As a test of the monophyly of Corydalus, Contreras-Ramos (1998) included examples of all genera with typical and atypical Corydalus species. This analysis is an independent assesment of relationships with respect to earlier works. The resulting tree (see above) shares most features with previous ones, however differs in the position of Chloroniella and Acanthacorydalis. Here Chloroniella is placed as sister to all other dobsonfly genera (the most basal position), and Acanthacorydalis is moved from sister taxon to the American genera (Platyneuromus, Chloronia, and Corydalus) to basal member of the Neuromus lineage (Neuromus and Neoneuromus). The sister group relationships between Neurhermes and Protohermes, and Neuromus and Neoneuromus, respectively, seem well supported. For instance, three branches of vein 1A, a short and broad male 9th tergum, and a deeply concave posterior margin of the male 9th tergum support the former pair, and the presence of cubital accessory crossveins and a very long female spermathecal duct groups the latter two taxa.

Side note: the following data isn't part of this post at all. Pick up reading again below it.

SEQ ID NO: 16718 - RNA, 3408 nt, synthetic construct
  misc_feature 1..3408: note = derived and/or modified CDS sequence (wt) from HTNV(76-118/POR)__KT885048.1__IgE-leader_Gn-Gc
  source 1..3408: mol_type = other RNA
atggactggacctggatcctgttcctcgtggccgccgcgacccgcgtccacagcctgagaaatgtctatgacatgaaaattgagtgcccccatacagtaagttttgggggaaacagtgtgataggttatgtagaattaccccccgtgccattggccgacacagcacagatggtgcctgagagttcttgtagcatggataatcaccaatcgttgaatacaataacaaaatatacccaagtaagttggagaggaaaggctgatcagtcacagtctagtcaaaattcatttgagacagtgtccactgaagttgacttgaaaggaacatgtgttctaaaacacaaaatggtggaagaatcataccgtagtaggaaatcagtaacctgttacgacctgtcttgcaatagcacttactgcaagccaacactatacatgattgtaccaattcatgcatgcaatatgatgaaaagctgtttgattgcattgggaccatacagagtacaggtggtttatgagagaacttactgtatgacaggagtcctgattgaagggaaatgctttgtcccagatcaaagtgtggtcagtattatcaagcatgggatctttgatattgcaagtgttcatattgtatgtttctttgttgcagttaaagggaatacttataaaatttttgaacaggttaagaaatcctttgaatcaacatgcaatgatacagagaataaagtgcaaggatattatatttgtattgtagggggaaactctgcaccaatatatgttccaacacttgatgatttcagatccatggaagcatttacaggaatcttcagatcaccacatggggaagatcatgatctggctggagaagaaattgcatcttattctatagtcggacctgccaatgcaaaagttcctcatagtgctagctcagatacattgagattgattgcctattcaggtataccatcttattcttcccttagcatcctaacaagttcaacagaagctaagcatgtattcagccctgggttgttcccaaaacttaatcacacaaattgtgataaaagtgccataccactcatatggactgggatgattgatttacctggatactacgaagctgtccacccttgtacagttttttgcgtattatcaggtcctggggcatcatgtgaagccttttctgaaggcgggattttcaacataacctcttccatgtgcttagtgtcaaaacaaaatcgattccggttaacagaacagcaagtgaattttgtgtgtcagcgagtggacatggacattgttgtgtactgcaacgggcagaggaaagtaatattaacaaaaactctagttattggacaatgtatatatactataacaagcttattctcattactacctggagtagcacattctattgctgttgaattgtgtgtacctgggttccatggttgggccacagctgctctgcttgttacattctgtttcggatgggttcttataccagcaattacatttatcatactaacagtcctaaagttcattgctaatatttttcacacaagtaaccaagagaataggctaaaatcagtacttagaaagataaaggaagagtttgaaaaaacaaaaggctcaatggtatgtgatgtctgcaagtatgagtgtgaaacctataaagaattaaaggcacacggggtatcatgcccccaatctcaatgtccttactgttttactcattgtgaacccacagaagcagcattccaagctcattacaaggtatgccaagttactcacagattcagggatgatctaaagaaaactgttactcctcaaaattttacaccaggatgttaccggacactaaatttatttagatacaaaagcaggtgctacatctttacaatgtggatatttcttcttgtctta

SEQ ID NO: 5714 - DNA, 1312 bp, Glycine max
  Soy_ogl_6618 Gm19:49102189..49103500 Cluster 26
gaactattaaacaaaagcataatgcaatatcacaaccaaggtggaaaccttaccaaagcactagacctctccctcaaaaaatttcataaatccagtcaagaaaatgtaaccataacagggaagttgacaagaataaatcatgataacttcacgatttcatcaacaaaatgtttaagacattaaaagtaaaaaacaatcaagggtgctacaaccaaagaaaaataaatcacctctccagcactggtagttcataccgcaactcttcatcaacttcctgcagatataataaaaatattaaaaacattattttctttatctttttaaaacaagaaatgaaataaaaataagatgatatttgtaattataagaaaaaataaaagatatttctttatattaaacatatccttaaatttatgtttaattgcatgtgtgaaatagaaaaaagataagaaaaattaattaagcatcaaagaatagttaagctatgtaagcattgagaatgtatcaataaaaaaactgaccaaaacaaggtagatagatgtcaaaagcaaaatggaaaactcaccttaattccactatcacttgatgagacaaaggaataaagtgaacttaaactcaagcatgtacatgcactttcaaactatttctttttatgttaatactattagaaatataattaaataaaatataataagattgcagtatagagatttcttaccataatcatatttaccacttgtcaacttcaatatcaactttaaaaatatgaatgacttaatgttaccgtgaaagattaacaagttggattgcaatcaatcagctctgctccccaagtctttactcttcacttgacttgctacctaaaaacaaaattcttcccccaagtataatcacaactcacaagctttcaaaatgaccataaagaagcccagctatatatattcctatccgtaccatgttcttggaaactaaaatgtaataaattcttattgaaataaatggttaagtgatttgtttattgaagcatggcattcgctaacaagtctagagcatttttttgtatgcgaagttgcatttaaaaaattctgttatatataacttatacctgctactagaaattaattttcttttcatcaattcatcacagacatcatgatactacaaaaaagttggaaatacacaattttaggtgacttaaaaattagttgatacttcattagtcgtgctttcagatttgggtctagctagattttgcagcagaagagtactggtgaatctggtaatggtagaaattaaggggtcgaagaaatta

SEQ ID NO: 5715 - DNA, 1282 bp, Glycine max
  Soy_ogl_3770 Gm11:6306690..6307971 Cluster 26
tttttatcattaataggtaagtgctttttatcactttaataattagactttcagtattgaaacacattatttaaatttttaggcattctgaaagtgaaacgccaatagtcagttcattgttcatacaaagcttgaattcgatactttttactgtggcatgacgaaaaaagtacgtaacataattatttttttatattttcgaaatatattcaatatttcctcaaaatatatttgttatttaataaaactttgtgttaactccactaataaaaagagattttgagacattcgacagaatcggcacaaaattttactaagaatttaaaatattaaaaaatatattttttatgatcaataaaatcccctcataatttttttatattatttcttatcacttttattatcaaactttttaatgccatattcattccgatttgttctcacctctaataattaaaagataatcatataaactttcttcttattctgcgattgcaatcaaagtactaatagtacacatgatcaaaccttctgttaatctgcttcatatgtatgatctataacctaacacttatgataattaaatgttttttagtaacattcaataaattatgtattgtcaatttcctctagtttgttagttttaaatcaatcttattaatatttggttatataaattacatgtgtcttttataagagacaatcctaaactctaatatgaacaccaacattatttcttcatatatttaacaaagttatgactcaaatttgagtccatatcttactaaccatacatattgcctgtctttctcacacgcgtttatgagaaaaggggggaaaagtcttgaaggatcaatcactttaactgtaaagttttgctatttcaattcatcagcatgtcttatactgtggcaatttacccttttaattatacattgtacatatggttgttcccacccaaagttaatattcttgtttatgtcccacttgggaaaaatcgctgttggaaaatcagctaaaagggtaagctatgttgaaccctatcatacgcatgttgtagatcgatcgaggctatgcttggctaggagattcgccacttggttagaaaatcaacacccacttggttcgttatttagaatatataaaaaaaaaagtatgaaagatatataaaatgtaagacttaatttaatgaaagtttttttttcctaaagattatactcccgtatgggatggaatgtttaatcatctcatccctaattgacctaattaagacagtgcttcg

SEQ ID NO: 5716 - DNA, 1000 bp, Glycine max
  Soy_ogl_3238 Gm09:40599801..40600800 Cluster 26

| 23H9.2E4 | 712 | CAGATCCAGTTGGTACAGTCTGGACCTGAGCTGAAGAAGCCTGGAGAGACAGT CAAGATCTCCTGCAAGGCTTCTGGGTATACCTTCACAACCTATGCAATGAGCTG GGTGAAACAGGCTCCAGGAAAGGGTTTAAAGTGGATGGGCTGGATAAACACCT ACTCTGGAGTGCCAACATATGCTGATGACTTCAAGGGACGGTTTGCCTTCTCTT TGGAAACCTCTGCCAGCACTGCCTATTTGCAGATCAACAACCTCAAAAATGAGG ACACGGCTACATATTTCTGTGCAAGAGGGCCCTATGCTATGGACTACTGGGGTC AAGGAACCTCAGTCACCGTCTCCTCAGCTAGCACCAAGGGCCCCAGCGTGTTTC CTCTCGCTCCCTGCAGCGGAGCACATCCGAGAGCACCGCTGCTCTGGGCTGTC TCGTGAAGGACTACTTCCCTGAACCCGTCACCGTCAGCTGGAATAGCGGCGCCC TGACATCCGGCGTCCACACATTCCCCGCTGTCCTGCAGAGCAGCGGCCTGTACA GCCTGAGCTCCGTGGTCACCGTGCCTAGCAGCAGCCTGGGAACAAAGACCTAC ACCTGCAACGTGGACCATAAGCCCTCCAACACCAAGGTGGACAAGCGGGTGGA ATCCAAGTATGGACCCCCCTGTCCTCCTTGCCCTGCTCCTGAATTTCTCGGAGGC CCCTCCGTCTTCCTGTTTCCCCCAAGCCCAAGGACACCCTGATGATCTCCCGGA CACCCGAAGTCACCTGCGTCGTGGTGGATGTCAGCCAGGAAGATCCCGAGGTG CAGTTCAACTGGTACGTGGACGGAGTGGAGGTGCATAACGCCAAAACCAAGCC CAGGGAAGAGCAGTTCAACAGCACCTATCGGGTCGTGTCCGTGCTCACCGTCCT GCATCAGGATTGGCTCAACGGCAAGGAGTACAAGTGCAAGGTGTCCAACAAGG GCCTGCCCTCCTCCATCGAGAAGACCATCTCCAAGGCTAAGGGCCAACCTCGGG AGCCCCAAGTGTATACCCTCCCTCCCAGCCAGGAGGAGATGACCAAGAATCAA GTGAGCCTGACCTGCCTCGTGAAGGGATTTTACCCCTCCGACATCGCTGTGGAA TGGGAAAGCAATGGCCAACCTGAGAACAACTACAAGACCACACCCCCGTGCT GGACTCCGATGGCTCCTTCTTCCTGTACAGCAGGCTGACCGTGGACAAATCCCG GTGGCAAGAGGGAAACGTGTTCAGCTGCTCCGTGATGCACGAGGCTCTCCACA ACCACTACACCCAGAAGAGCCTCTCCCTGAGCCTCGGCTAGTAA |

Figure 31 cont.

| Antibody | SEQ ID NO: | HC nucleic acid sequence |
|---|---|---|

Phylogenetic Position of Chloroniella and Acanthacorydalis
A most basal position of Chloroniella is supported by the characters robust head, reduced mandibular dentition, anteclypeus fused to postclypeus, and linear posterior tentorial pits (among others). On the other hand, the position of Acanthacorydalis as a member of the Neuromus lineage is supported by three characters, a reduction in the number of apical sensory areas (from two to one) of maxillary and labial palps, and the migration of the 9th gonostyli to be posterior with respect to the 10th tergites base (convergent in several Corydalus).
Relationships Within the New World Lineage